Adams, author of “Water­ship Down,” dies at 96

The Denver Post - - NATION & WORLD - By David Henry

Richard Adams, the English author who brought the rab­bit world alive with the best-sell­ing ad­ven­ture novel “Water­ship Down” dur­ing the 1970s, has died. He was 96. He died Satur­day. Adams’ first book sold more than 50 mil­lion copies world­wide and has re­mained in print since it was pub­lished in 1972. Ini­tially re­jected by sev­eral pub­lish­ers, it was con­ceived as a story that Adams had told to his daugh­ters, Juliet and Rosa­mond, on a long car trip. It won the Carnegie Medal and Guardian Chil­dren’s Fic­tion Prize and led Adams into a writ­ing ca­reer that in­cluded more than 20 ti­tles. “Water­ship Down” also be­came an an­i­mated tele­vi­sion se­ries and film.

Set in the English coun­try­side, “Water­ship Down” tells the tale of a rab­bit named Fiver who has a vi­sion that the war­ren he in­hab­its with a group of other bun­nies is fac­ing de­struc­tion. This leads a small group of them, in­clud­ing his brother Hazel, to search for a safer home be­fore find­ing a peace­ful place called Water­ship Down. New chal­lenges arise and they are forced to ward off the per­ils posed by a ri­val war­ren.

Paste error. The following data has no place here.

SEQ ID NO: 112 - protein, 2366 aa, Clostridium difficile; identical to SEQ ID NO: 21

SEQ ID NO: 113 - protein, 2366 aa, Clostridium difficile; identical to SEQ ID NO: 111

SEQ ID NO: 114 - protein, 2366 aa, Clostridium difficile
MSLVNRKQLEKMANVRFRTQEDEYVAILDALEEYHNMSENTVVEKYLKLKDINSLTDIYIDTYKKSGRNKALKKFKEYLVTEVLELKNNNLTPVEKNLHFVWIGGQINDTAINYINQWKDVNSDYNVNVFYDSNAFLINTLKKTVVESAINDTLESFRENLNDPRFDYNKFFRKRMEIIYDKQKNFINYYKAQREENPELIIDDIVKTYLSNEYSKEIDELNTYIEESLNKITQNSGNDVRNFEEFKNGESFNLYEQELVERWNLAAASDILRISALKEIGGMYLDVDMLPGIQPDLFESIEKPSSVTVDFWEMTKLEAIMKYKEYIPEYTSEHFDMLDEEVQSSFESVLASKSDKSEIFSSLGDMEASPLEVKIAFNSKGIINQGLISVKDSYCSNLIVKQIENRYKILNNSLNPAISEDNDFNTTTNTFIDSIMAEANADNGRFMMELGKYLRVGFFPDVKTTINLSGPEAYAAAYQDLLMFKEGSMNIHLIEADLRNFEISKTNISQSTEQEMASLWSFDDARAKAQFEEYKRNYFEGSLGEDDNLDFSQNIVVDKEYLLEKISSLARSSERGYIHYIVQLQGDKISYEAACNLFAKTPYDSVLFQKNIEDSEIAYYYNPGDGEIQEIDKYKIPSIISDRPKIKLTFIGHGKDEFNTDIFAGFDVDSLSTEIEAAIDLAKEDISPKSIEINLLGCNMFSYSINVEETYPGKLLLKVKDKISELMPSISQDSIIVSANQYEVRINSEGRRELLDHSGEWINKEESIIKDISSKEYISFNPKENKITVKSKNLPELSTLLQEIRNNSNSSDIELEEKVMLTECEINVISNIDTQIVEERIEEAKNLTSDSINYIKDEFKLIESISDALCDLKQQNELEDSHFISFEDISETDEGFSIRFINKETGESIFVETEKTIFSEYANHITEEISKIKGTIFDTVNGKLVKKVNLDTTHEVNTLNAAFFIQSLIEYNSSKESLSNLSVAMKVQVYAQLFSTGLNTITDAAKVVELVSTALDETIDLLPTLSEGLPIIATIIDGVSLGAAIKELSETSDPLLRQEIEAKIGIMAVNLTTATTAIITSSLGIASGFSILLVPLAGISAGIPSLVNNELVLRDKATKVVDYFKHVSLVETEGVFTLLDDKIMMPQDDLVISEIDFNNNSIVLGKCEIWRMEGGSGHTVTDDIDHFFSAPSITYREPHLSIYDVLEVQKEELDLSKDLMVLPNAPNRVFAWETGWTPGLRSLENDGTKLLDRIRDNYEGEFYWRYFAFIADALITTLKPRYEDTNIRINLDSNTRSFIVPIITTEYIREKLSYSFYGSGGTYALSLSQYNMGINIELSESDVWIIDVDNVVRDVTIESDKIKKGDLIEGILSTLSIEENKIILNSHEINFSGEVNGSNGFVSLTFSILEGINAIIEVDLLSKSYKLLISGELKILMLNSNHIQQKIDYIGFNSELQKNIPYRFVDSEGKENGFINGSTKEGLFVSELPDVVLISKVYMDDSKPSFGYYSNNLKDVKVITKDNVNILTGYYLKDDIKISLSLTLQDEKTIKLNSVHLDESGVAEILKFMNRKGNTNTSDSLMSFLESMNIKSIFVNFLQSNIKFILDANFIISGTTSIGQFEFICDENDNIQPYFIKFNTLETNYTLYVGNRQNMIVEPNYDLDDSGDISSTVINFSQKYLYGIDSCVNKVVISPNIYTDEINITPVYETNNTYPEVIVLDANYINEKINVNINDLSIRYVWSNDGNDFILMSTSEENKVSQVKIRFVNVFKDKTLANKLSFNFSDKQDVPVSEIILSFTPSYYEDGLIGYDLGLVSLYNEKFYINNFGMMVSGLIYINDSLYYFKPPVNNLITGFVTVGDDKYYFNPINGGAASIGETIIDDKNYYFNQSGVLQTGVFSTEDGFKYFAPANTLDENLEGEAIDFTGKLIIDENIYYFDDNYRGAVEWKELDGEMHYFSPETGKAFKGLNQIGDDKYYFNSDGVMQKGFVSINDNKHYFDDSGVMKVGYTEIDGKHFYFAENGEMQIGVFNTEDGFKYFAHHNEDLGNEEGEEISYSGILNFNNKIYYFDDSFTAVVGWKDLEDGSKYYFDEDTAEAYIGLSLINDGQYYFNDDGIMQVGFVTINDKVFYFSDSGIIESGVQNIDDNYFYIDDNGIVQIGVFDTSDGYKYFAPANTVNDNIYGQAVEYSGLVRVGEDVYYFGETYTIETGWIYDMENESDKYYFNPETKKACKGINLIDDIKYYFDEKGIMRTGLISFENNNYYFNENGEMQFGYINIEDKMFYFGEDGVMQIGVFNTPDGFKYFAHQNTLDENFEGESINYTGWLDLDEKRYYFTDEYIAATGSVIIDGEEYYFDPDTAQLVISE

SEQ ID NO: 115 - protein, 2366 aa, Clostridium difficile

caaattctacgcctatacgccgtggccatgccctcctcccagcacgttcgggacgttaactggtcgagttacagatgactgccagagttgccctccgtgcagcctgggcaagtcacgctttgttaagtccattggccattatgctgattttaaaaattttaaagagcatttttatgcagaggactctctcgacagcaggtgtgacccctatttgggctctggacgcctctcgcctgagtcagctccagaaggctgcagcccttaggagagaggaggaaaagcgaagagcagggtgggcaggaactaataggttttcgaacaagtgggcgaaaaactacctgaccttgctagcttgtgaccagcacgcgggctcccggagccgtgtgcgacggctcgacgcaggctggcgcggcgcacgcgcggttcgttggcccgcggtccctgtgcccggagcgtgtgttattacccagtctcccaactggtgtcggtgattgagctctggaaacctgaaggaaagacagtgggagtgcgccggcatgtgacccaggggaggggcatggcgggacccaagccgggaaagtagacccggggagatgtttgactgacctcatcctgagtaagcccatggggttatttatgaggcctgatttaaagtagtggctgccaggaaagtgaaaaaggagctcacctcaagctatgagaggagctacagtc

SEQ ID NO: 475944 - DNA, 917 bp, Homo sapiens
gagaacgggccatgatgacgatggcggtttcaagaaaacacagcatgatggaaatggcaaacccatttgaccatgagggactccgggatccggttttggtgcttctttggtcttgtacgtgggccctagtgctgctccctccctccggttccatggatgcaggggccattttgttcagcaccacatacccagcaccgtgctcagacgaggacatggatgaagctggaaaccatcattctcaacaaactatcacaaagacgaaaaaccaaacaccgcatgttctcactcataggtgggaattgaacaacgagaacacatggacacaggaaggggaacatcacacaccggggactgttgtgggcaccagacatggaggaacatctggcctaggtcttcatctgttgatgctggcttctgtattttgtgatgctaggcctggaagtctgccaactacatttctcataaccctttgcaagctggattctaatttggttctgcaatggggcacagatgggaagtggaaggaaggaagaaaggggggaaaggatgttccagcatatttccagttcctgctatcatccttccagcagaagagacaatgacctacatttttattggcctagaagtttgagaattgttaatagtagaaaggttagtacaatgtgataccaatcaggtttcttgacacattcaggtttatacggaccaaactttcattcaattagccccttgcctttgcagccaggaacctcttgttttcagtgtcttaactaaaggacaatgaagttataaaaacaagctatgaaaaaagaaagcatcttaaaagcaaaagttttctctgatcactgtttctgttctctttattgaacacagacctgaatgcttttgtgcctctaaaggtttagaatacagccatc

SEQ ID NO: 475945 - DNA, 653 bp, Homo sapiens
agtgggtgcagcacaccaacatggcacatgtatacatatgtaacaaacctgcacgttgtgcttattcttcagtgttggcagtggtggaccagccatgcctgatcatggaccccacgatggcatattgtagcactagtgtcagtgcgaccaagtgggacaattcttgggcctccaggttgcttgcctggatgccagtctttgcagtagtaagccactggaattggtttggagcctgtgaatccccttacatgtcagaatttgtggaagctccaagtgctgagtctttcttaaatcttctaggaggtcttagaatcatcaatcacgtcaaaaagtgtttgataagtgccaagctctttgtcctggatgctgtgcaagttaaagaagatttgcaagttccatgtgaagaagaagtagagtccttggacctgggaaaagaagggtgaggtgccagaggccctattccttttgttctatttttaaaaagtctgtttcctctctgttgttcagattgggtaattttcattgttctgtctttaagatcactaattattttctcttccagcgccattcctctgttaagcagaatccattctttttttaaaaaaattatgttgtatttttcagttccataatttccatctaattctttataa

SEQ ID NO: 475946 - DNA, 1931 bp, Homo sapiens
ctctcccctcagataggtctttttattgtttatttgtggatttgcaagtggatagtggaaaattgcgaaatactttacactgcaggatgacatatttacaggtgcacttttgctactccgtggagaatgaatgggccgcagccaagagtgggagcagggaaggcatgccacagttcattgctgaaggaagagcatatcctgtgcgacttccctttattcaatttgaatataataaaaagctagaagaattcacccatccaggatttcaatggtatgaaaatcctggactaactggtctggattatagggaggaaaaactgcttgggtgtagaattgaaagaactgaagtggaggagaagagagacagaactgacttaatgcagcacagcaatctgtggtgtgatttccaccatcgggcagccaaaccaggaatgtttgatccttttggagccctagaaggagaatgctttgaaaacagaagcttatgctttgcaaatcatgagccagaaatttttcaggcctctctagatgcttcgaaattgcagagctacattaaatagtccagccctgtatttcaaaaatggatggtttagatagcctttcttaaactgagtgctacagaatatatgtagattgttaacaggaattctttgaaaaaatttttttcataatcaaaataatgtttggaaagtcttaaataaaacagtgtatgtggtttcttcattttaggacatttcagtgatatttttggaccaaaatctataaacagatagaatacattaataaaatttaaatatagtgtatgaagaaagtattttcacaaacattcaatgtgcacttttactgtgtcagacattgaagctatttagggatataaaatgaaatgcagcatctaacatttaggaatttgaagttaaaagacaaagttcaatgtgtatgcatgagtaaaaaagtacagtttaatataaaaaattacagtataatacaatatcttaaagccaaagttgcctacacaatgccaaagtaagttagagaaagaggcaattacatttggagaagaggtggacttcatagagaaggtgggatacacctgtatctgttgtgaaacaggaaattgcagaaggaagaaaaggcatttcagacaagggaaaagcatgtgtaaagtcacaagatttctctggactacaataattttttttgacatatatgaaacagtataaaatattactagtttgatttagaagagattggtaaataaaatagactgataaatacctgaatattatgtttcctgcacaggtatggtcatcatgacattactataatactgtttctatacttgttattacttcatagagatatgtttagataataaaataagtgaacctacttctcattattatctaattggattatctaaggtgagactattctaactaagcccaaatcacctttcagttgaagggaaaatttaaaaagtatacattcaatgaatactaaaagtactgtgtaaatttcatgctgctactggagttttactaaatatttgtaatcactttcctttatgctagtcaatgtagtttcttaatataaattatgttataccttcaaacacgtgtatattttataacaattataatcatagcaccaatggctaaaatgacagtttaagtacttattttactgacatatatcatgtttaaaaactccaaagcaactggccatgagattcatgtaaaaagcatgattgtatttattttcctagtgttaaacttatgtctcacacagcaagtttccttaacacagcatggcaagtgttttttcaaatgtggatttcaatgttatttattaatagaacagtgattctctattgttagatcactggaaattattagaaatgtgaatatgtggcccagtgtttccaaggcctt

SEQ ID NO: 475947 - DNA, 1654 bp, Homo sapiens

Crit­ics drew par­al­lels to Homer’s “Odyssey” and Vir­gil’s “Aeneid” for its epic qual­i­ties and saw reli­gious sym­bol­ism in the story line, al­though Adams re­jected this.

“It’s only a made-up story,” he told the BBC in 2007. “I sim­ply wrote down a story I told to my lit­tle girls.”

He wrote what was to be his best-seller each night af­ter work. The man­u­script was re­jected by four pub­lish­ers and three firms of agents who, ac­cord­ing to Adams, said the writ­ing style was “too or­di­nary for adults” and much too “grown up” to ap­peal to chil­dren. Adams told the In­de­pen­dent news­pa­per in 2010. “This is just a book. Any­body who finds it en­joy­able is wel­come to read it, whether they’re 6 or 66.”

Richard Adams wrote the beloved book “Water­ship Down” in 1972. As­so­ci­ated Press file

Newspapers in English

Newspapers from USA

© PressReader. All rights reserved.